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HIPAA Wellness Programs


Group health plans and insurers are prohibited from discriminating against individuals due to health factors under the HIPAA rules which includes application to wellness plans. The wellness rules apply to both insured and self-insured group health plans, regardless of grandfathered status. A wellness program should be designed to improve employees health and to reduce health care costs for the group health plan. In addition, some wellness programs may also ask employees to change behaviors to improve their health such as quitting smoking, becoming more active and/or eating better.

 

Wellness programs may have two different designs, both of which are discussed below.

 

Participatory Wellness Program

A participatory wellness program is a program which does not provide a reward based on the participant receiving a certain standard related to a health factor. Examples of participatory wellness programs are as follows:

 

​Reimbursement of Fitness Center Costs

​Diagnostic testing program rewards for participating

​Smoking cessation reward for participating in a program but does not require quitting

​Rewards for attending a no-cost health education seminar

​Rewards for completing an annual health risk assessment

​Waiver or copayments or deductibles for participating in well visits

 

Health-Contingent Wellness Programs

A health contingent wellness program may be classified as either activity based or outcome based. These wellness programs require that a participant receives a certain health standard to earn a reward. Beginning with plan years on or after January 1, 2014, health plans were permitted to increase the maximum permissible reward under a health-contingent wellness program offered in connection with a group health plan from 20% to 30% of the cost of coverage. The reward may be increased to 50% for wellness programs designed to prevent or reduce tobacco use.

 

Examples of activity only wellness programs are as follows:

 

​Walking for a certain period of time

​Diet changes

​Exercise programs

​Attend a certain number of educational classes

 

Examples of outcome based wellness programs are as follows:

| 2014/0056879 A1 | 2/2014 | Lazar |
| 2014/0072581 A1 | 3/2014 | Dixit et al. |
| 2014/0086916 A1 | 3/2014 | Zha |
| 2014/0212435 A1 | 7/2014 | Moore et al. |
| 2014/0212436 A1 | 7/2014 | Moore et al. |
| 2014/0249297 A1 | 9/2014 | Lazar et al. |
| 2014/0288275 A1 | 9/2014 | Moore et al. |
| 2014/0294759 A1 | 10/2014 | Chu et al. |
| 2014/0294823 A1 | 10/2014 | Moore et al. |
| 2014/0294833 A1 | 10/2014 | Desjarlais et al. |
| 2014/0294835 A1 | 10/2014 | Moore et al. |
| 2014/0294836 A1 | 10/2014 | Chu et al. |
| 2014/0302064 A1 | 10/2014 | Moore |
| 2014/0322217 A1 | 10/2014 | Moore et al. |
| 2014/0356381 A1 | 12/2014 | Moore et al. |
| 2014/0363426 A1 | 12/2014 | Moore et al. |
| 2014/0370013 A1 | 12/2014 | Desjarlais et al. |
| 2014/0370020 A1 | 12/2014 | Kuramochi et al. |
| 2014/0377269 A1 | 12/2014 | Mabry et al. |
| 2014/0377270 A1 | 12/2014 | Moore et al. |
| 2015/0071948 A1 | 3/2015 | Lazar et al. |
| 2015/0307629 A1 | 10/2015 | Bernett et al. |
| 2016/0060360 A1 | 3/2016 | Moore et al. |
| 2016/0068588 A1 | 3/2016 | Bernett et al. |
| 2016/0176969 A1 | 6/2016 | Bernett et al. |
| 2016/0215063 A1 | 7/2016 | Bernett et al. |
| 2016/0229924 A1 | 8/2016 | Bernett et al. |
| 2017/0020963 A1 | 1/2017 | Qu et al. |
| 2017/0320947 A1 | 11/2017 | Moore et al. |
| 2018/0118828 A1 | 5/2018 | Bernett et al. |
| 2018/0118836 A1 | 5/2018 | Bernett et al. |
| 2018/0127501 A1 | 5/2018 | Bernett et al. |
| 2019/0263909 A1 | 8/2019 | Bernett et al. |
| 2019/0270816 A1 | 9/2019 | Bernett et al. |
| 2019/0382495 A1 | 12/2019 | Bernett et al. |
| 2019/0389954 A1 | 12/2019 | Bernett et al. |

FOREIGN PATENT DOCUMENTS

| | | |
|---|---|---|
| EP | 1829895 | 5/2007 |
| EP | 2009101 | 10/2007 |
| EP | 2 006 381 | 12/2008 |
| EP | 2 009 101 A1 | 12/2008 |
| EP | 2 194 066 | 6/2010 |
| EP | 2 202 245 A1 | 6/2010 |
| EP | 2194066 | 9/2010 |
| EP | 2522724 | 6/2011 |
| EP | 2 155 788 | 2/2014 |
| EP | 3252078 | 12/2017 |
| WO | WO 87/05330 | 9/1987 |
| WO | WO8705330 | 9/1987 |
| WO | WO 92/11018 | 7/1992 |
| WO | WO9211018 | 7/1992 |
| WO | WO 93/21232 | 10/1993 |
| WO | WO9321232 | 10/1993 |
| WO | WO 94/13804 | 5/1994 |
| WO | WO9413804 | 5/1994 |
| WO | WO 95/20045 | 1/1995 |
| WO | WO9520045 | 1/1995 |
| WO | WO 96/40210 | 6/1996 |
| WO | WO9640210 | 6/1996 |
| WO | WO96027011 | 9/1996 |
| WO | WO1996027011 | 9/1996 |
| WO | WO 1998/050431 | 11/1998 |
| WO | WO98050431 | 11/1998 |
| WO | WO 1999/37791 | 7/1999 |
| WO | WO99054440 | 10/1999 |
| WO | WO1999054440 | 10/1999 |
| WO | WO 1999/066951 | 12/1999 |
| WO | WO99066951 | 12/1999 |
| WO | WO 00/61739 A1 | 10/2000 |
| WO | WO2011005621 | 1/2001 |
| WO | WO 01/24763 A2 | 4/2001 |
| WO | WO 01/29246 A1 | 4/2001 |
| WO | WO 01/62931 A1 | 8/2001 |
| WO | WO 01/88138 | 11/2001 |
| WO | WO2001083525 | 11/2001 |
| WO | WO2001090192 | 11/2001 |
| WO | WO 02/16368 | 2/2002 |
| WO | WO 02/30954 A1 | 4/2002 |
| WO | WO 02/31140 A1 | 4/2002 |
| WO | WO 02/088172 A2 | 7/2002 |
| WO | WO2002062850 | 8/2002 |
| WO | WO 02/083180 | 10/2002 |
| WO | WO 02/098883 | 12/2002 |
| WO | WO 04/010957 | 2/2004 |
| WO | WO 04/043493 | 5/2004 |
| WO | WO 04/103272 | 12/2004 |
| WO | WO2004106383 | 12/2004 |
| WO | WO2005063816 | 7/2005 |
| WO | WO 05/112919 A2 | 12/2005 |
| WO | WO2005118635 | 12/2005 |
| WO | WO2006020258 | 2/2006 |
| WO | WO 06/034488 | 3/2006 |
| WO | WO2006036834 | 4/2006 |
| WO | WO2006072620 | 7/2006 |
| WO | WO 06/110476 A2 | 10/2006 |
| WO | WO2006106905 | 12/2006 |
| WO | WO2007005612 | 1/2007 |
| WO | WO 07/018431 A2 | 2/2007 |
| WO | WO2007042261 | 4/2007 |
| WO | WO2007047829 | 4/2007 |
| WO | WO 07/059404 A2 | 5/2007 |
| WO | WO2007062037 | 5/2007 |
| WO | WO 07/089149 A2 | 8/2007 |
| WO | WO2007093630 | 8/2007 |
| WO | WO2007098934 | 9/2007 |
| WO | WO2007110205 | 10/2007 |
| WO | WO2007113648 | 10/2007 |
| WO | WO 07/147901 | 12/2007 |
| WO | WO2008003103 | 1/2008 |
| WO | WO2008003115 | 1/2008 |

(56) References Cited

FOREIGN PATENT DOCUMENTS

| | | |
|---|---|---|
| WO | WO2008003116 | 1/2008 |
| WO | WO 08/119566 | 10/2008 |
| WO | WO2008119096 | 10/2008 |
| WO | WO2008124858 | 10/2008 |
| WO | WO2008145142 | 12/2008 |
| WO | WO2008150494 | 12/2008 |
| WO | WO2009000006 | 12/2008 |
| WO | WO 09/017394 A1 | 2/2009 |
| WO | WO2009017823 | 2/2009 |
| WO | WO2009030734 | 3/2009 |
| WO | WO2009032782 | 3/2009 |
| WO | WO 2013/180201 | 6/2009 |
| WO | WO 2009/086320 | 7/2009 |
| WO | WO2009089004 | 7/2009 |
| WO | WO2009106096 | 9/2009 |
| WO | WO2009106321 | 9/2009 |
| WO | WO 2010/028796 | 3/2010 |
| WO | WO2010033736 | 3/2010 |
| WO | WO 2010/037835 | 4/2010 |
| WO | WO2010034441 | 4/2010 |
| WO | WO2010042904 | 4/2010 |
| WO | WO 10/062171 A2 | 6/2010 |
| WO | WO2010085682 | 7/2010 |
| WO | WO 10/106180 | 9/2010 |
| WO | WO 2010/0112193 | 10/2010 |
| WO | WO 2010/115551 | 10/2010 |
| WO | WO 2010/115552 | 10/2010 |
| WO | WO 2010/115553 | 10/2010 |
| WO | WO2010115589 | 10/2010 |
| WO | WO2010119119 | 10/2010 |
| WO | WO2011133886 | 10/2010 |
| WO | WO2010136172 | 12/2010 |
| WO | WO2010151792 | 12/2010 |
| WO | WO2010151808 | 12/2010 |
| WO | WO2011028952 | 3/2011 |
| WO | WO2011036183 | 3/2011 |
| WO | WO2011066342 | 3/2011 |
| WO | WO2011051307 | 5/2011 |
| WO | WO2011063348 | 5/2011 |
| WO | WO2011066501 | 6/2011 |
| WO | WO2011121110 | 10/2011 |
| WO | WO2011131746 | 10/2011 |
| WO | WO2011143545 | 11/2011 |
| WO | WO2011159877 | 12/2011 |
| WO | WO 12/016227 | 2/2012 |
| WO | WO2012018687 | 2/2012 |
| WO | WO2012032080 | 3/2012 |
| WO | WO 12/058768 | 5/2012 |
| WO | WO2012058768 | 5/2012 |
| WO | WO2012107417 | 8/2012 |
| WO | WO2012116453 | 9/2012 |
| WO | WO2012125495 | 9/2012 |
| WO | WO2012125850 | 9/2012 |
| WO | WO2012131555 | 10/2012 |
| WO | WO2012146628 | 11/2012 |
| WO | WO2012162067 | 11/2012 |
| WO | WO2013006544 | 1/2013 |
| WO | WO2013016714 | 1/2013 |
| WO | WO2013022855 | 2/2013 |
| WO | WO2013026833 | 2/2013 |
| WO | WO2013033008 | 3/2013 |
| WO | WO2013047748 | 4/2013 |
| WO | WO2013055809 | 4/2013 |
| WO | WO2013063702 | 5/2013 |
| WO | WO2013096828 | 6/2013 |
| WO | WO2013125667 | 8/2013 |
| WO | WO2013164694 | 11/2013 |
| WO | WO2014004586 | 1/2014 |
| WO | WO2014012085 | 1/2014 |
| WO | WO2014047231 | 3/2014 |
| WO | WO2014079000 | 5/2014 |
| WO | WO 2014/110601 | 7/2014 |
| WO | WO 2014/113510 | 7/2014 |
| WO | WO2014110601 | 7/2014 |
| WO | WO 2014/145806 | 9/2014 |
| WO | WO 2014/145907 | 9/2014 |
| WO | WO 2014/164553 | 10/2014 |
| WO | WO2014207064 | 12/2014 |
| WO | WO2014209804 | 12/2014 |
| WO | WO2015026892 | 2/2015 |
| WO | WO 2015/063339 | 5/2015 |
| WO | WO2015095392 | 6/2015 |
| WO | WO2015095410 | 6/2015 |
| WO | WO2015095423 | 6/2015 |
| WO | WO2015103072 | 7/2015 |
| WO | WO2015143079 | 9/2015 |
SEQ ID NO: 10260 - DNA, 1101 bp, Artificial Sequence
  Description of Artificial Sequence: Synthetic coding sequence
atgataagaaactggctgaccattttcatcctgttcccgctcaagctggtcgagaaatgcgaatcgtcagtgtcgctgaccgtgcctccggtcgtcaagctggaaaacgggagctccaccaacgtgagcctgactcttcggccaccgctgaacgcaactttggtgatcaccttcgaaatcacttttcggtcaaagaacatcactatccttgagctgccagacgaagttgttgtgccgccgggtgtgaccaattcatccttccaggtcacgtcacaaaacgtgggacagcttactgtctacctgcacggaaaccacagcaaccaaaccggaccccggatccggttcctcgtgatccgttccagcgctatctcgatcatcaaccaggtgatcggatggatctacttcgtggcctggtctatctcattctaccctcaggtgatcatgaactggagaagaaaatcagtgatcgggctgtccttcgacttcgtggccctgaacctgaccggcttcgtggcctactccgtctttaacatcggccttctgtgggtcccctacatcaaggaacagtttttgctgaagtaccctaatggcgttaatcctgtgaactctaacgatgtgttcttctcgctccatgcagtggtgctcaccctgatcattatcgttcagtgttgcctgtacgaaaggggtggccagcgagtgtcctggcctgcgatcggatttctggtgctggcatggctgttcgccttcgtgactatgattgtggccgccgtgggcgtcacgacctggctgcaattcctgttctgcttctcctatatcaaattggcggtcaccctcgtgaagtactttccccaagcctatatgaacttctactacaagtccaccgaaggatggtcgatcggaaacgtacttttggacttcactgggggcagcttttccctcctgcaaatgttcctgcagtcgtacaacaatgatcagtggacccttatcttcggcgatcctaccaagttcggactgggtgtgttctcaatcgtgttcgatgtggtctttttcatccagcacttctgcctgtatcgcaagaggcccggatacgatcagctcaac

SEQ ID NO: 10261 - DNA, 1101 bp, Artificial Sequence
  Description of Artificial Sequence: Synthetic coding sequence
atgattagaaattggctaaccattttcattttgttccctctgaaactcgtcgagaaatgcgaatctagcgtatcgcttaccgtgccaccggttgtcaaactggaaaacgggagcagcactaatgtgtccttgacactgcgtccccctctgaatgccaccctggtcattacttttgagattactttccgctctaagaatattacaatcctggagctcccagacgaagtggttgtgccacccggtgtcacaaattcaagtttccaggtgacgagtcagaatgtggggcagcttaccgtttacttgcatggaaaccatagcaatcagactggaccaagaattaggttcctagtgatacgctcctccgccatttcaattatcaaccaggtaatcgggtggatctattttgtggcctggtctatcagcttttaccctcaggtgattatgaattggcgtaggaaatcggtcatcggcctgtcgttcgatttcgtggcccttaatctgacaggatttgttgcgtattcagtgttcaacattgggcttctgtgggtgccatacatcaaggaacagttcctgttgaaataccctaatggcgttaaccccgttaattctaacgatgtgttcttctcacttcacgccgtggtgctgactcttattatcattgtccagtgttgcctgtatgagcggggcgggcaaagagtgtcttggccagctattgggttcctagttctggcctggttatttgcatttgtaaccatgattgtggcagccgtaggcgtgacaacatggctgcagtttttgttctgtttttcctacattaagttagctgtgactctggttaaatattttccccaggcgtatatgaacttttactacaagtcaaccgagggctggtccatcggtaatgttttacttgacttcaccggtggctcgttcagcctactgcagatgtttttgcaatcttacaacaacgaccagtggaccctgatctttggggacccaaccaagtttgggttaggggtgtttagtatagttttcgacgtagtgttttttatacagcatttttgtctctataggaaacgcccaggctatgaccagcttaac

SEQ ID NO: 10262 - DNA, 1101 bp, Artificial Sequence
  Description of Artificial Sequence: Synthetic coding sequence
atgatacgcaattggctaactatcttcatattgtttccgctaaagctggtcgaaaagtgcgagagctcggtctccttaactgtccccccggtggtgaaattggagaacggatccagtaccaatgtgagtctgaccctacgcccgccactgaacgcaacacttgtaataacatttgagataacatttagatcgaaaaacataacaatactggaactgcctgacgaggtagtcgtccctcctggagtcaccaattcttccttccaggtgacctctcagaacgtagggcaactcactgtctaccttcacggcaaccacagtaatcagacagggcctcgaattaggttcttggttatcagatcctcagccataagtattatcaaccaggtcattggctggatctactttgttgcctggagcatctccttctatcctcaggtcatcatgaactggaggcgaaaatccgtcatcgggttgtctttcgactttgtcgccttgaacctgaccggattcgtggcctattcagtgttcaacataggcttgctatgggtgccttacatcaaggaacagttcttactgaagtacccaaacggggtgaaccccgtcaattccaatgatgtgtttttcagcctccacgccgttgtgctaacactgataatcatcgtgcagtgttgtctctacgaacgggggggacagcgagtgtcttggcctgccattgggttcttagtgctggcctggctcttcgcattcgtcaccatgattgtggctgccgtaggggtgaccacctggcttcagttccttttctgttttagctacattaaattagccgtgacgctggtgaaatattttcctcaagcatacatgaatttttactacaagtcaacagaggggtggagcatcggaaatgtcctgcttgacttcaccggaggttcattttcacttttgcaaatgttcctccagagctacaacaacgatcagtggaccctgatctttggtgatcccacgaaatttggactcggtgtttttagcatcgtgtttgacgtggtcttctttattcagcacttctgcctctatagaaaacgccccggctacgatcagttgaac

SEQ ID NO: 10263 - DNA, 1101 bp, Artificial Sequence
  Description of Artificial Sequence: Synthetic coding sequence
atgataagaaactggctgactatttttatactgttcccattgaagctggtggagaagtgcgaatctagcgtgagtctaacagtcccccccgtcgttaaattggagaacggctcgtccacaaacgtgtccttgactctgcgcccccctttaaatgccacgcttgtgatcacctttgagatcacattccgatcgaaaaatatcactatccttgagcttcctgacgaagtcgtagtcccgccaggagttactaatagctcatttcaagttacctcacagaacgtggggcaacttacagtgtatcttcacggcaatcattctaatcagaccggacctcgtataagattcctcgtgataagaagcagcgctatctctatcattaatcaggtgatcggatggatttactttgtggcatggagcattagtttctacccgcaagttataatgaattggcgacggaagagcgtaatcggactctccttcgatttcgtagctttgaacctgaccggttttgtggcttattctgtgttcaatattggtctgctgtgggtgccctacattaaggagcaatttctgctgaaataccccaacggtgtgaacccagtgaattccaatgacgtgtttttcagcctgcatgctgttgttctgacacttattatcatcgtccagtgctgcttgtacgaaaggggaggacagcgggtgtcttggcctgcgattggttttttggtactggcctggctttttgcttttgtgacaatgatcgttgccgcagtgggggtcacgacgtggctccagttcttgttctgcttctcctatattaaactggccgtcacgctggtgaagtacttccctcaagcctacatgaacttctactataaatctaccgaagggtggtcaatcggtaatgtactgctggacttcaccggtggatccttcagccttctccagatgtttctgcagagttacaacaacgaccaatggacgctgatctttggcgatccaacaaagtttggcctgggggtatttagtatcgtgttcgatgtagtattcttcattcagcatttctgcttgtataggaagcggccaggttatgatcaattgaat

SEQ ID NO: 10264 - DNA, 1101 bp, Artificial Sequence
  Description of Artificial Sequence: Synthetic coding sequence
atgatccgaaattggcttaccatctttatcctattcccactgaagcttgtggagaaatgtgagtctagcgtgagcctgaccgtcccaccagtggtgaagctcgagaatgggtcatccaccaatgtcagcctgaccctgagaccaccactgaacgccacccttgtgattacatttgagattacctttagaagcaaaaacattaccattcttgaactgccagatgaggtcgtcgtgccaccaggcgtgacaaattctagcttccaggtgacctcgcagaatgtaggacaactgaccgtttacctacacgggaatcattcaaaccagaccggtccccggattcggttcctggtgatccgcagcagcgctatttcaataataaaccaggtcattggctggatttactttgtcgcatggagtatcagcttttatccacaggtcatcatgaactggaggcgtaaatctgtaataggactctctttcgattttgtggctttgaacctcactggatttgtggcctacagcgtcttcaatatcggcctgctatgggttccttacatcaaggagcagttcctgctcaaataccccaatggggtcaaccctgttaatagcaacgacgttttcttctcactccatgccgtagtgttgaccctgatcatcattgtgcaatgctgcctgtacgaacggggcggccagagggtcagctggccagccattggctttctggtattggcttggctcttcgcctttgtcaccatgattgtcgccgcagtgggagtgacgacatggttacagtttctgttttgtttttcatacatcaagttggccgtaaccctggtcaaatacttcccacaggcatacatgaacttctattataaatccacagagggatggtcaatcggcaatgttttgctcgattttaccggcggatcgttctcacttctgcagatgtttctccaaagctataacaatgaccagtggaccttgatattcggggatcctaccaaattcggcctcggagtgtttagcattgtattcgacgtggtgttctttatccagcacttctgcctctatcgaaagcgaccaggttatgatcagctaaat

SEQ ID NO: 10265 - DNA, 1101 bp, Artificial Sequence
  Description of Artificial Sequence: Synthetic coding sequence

​Quitting Smoking following program

​Attain certain results for Biometric Screenings

 

Those health plans which choose to offer an outcome based wellness program are required to have an alternative available to individuals who do not meet the outcome. The individuals must be offered a reasonable alternative such as an educational program or alternate activity.

 

Any health contingent wellness plan must satisfy all of the following requirements:

 

  • Provide an opportunity once per year to qualify;
  • Program must be designed to promote health and prevent disease;
  • Reward must not exceed 30% of the total cost of employee only coverage or 50% if tobacco is included;
  • Rewards must be available to all similarly situated individuals or allow alternatives;
  • Plans must disclose in all materials that alternatives are available; and
  • contact information for obtaining alternatives must be provided on all materials describing the plan.

The Department of Labor has provided sample language which may be used by health plans to advise that there is an alternative method available to obtain rewards. Examples of this language can be found in the final regulations and state as follows:

 

Your health plan is committed to helping you achieve your best health. Rewards for participating in a wellness program are available to all employees. If you think you might be unable to meet a standard for a reward under this wellness program, you might qualify for an opportunity to earn the same reward by different means. Contact us at [insert contact information] and we will work with you (and, if you wish, with your doctor) to find a wellness program with the same reward that is right for you in light of your health status.

 

It is important to note that any rewards that are offered as a result of a wellness plan are subject to be taxable to the individual receiving the benefit. The taxable nature of the reward is determined on the value of the reward, type of award being given and the frequency of the reward among other factors to be determined by the Internal Revenue Service (IRS).

 

ADA Concerns

Any health plan which offers a wellness program should be aware of ADA concerns when developing their wellness plan. If the discounts or rewards are not available to all individuals, including those with disabilities, the plan may have ADA violations.

 

The EEOC has issued final guidance imposing additional requirements for a ADA voluntary employee health plan exception to apply:

 

​An employer may not require employees to participate or take action for not participating